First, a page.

Category: Basic Science

The Gene: An Intimate History

Six years ago I reviewed Siddhartha Mukherjee’s book The Emperor of All Maladies: A Biography of Cancer. It was hands-down one of the best books I have ever read on a medical topic. Now he’s done it again. His new book is titled The Gene: An Intimate History. Mukherjee is a superb writer. Much of what I said about his first book...

/ July 19, 2016
Is this a PVS structure or something else?

The Primo Vascular System: The N-rays of Acupuncture?

Acupuncture meridians and acupoints are imaginary until proven otherwise. Anatomists have never been able to detect them by microscopy or autopsy, and they are not mentioned in anatomy textbooks. For decades, acupuncturists have been trying to prove that their pre-scientific belief system is grounded in scientific reality. Now they are telling us that acupuncture meridians and acupoints have been discovered in the...

/ June 7, 2016
Cancer cell immunofluorescence

Is there a reproducibility “crisis” in biomedical science? No, but there is a reproducibility problem

Reproducibility is the key to scientific advancement. It has been claimed that we suffer from a "reproducibility crisis," but in reality it is a chronic problem in reproducibility. Here we will look at the scope of the problem and strategies to address it.

/ June 6, 2016
Integrative medicine

“Integrative” medicine versus “alternative” medicine

I’ve written a lot about the language issue with respect to alternative medicine. As I like to put it (at least in shortened form), first there was quackery. Quacks did not like that name at all, and thus was born alternative medicine. And the quacks did think it good—for a while. There was a problem, however. “Alternative” medicine implied (correctly, of course)...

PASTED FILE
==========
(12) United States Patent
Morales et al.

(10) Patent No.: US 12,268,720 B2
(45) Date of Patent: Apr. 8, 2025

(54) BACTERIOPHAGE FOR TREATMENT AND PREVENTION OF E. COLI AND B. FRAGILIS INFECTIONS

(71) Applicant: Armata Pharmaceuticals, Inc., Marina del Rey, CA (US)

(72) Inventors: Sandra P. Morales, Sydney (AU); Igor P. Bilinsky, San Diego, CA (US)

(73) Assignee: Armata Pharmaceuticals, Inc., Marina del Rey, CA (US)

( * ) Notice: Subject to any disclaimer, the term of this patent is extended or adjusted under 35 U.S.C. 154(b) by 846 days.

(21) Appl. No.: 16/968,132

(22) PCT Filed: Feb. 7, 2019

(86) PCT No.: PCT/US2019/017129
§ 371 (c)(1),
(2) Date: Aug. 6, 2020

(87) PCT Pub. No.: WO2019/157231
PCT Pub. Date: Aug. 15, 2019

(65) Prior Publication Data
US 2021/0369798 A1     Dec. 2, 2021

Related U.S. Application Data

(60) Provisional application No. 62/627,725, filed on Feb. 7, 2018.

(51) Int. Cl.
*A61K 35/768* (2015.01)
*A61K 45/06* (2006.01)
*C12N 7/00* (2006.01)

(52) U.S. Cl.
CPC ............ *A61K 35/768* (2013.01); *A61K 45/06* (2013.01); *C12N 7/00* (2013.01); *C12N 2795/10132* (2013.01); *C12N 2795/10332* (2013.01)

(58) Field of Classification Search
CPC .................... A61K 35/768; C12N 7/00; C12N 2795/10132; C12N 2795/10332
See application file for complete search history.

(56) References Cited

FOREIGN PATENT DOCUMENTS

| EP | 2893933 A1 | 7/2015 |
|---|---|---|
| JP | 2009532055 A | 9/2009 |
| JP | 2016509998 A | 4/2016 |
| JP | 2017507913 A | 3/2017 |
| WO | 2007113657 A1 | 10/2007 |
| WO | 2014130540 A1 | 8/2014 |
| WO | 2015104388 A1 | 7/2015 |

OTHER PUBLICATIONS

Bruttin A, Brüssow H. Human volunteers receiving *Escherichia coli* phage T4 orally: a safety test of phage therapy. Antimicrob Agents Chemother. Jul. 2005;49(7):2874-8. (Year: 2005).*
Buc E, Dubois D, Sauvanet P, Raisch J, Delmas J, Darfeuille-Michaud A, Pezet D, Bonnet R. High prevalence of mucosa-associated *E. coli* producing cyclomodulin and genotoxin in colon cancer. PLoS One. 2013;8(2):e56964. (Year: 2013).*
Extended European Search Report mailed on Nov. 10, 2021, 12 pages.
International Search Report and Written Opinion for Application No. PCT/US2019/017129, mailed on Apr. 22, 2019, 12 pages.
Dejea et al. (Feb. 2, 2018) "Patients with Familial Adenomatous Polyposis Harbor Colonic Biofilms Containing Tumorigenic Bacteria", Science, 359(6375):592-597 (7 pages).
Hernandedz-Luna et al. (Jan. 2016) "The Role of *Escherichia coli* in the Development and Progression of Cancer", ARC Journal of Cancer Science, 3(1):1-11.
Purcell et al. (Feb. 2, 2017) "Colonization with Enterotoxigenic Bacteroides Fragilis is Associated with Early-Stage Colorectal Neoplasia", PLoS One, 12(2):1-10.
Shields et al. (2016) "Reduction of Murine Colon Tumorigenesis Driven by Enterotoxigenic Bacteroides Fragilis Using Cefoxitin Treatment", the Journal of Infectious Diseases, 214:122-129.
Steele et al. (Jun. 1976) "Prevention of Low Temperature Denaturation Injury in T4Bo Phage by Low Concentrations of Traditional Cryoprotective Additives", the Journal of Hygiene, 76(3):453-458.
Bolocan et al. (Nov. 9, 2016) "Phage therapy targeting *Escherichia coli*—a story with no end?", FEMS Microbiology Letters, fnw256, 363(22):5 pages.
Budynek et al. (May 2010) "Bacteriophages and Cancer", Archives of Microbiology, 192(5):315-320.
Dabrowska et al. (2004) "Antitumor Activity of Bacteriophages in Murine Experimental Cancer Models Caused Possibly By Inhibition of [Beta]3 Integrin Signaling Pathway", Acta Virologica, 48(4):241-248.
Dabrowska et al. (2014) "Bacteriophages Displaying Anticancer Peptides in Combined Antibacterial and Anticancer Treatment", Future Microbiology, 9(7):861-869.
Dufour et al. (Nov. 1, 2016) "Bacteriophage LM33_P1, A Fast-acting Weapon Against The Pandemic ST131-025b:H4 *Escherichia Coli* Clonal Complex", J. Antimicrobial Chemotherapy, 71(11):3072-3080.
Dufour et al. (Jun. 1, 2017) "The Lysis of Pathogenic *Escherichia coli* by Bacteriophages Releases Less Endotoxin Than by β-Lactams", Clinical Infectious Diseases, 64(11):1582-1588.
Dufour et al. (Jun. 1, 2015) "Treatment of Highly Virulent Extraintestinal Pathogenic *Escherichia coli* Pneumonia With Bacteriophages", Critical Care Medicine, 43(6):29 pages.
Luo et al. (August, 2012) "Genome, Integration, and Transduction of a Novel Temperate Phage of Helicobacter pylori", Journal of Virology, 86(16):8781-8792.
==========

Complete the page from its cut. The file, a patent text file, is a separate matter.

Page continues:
/ May 15, 2016
Skin microbiome large

Vaginal Seeding. Ew. That’s nuts. Hmmm, interesting.

Sometimes a headline will cause me to run through a series of reactions in rapid sequence. For example “Mothers facing C-sections look to vaginal ‘seeding’ to boost their babies’ health”: Early studies show that swabbing a mother’s vagina and transferring it to her baby’s mouth, eyes and skin may stimulate microbiome development similarly to babies born naturally – and protect it from...

/ May 13, 2016

Sharks Get Cancer, Mole Rats Don’t: Clues to Understanding Cancer

We think of cancer as caused by mutations. Mutations are necessary, but not sufficient, to cause cancer. New research indicates that it’s the body’s response to mutant cells that determines whether cancer will develop. James S. Welsh, MD, a radiation oncologist and researcher, has written a book on the immunology of cancer, Sharks Get Cancer, Mole Rats Don’t: How Animals Could Hold...

/ May 3, 2016
Where's the sauna detox?

NCCIH Strategic Plan 2016-2021, or: Let’s try to do some real science for a change

It’s no secret that we at Science-Based Medicine (SBM) are not particularly fond of the National Center for Complementary and Integrative Health (NCCIH). Formerly known as the National Center for Complementary and Alternative Medicine (NCCAM) and before that the Office of Alternative Medicine, NCCIH has been the foremost government agency funding research into quackery for the last 24 years, and, of course,...

/ April 4, 2016
Hijack

The hijacking of evidence-based medicine

A hero of the blog, John Ioannidis, worries that evidence-based medicine has been hijacked, and when Ioannidis says something we at SBM listen. But has EBM been "hijacked"?

/ March 21, 2016

The Essential Role of Regulation In Human Health and In Ecology: The Serengeti Rules

The doubling time for E.coli bacteria is 20 minutes. With uncontrolled growth, it would take a mere two days for the weight of bacteria to equal the weight of the Earth. What rules determine the actual numbers of bacteria? Why is the world green; why don’t insects eat all the leaves? How does the body maintain homeostasis? What determines the uncontrolled growth...

/ March 1, 2016
This was the reality of how DDT was used 65 years ago.

Zika virus, microcephaly, and calls to bring back DDT (Rachel Carson revisionism edition)

In response to the Zika virus threat, predictably the same group of anti-environmentalists are urging that we bring back DDT and "Spray, baby, spray!" To make their questionable case, they overstate the benefits of DDT, downplay its risks, and engage in some major historical revisionism regarding the legacy of Rachel Carson.

/ February 15, 2016